Mr. Toobin is naive. Whatever “damage” Snowden has inflicted to our intelligence system is more than offset by the benefits his transparency of the pervasiveness of our government’s monitoring capacity of private lives has revealed. If we are to be a democracy, even an awareness of our intelligence gathering processes is necessary, or we forsake that democracy for a totalitarian regime. Government’s fear of sharing too much of the truth with the people is a cancer which threatens our way of life. I choose to conclude that The New Yorker’s decision to run this ridiculous story is but a provocation to reasoned thinking.
Edward Snowden’s Real Impact
The assassinations of Martin Luther King, Jr., and Robert F. Kennedy led directly to the passage of a historic law, the Gun Control Act of 1968. Does that change your view of the assassinations? Should we be grateful for….
In today’s New Yorker, in an article about the NSA by Hendrik Hertzberg, he recounts how our calcifying government and political system is increasingly eating away at the core of democracy, as minority, economically-powerful interests co-opt the economic and social balances in our American society. He makes it clear how the antiquated Electoral College system of electing our Presidents is increasingly being manipulated to serve these undemocratic interests. Here’s the relevant excerpt from his article:
“The real danger to civic trust (and ultimately, perhaps, to our freedoms) is the calcification and unresponsiveness of our political and governmental machinery. The post-2000 Supreme Court is part of that long, sad story. So is the filibuster, which is a bigger threat to small-d democratic governance than the N.S.A., the C.I.A., and the I.R.S. put together. The same goes for the electoral-college status quo; the built-in, and increasing, malapportionment of the Senate; and the malapportionment of the House, both deliberate, via gerrymandering, and demographic, via population patterns.
“These structural horrors don’t make us a police state, encroaching or otherwise. But they do enable minorities—usually conservative, mostly monied minorities—to systematically thwart the will of the majority. They don’t necessarily require anybody to act in bad faith in order to do their damage. And they damage not just people’s faith in democracy but democracy itself.”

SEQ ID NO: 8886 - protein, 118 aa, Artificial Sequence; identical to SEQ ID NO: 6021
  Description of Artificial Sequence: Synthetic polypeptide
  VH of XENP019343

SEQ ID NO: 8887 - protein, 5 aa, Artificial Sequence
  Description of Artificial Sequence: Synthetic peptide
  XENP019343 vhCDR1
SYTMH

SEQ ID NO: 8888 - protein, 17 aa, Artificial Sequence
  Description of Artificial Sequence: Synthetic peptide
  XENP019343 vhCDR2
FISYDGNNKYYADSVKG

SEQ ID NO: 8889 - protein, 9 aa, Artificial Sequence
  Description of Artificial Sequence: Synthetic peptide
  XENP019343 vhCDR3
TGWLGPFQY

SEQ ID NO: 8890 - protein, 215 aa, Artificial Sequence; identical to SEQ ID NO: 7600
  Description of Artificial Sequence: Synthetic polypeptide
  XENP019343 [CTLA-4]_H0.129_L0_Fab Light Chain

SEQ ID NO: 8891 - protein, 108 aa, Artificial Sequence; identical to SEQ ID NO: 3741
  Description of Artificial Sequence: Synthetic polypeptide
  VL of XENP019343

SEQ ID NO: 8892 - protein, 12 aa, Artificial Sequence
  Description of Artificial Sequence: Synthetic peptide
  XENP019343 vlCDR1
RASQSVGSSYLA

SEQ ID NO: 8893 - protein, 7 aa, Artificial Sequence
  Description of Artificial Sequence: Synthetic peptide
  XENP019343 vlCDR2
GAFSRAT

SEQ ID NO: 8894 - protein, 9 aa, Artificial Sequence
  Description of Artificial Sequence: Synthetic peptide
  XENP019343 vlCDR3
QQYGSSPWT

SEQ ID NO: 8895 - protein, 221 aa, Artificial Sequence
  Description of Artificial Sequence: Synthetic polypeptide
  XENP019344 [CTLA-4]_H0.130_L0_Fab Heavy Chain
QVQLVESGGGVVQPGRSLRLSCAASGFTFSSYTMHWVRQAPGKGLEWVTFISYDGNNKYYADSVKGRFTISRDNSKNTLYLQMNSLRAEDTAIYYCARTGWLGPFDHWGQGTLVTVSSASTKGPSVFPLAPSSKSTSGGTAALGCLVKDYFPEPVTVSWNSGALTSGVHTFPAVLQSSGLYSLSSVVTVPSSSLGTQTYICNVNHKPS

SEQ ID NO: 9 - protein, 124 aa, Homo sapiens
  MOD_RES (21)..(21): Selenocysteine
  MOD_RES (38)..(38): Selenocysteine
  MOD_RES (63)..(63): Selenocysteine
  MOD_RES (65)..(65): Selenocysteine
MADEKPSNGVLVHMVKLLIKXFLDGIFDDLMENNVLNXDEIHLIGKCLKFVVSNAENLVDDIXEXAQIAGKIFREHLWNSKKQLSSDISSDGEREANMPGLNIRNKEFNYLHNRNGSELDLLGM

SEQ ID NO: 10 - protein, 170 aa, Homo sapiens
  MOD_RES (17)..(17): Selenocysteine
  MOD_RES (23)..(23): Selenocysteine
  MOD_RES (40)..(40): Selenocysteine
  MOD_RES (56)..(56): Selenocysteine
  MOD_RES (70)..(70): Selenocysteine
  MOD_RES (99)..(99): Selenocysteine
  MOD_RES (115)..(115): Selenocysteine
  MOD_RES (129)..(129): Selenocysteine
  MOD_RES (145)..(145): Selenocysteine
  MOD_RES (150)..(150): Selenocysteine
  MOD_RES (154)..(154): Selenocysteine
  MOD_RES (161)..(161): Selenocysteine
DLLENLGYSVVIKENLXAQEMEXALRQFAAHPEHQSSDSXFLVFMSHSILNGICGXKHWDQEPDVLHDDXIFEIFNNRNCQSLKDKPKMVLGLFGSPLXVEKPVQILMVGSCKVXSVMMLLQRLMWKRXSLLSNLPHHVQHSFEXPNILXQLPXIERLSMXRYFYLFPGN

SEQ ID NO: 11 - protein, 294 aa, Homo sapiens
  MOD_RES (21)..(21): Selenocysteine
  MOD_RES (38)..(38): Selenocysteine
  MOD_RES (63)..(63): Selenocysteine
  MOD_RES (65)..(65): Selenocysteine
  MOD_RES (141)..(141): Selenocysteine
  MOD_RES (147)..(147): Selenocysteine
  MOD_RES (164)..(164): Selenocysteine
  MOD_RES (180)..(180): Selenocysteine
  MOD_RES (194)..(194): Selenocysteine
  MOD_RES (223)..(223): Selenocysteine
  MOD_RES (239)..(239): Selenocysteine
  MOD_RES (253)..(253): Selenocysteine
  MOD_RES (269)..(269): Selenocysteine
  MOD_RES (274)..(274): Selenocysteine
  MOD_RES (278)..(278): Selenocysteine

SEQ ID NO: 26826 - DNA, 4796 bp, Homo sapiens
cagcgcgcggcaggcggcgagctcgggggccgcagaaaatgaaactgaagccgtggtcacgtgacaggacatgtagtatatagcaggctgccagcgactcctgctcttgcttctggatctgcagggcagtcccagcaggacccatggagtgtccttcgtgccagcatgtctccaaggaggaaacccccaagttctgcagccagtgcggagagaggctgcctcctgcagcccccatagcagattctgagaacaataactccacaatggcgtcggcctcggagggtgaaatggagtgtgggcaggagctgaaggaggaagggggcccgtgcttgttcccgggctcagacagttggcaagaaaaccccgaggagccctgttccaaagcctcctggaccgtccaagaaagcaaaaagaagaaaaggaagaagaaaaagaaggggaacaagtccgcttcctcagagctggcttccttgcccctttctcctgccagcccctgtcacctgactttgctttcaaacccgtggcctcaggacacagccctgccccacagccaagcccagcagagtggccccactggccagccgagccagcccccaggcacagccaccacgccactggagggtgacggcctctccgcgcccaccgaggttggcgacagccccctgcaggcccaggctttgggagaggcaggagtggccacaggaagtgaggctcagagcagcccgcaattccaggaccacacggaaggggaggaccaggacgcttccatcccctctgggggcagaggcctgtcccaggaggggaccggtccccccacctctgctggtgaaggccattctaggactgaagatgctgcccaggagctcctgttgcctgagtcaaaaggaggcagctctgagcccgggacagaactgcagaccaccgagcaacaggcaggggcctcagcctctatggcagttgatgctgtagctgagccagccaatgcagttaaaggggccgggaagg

And, as to what we are losing as a society in the tightening national security state, which some describe as neutral to the interests of everyday Americans, the 5th Amendment itself is being neutralized. While the Amendment proclaims we may remain silent and not be forced to incriminate ourselves, the increasing surveillance in all aspects of our lives makes our option for “silence” unlikely to be possible, when cameras and monitoring of every kind of communications is pervasive. The anxiety alone that this sort of intrusion into our personal lives permits undermines the very sense of democratic self-determination upon which our modern society is built, and certainly undermines the essence of the 5th Amendment.
If you care about these issues, and you should, do something. Tell your family and friends, write your newspapers, blog about it, put your views on Facebook, and, of course, tell your representatives in government that you are on to the erosion of our personal rights to democracy and privacy.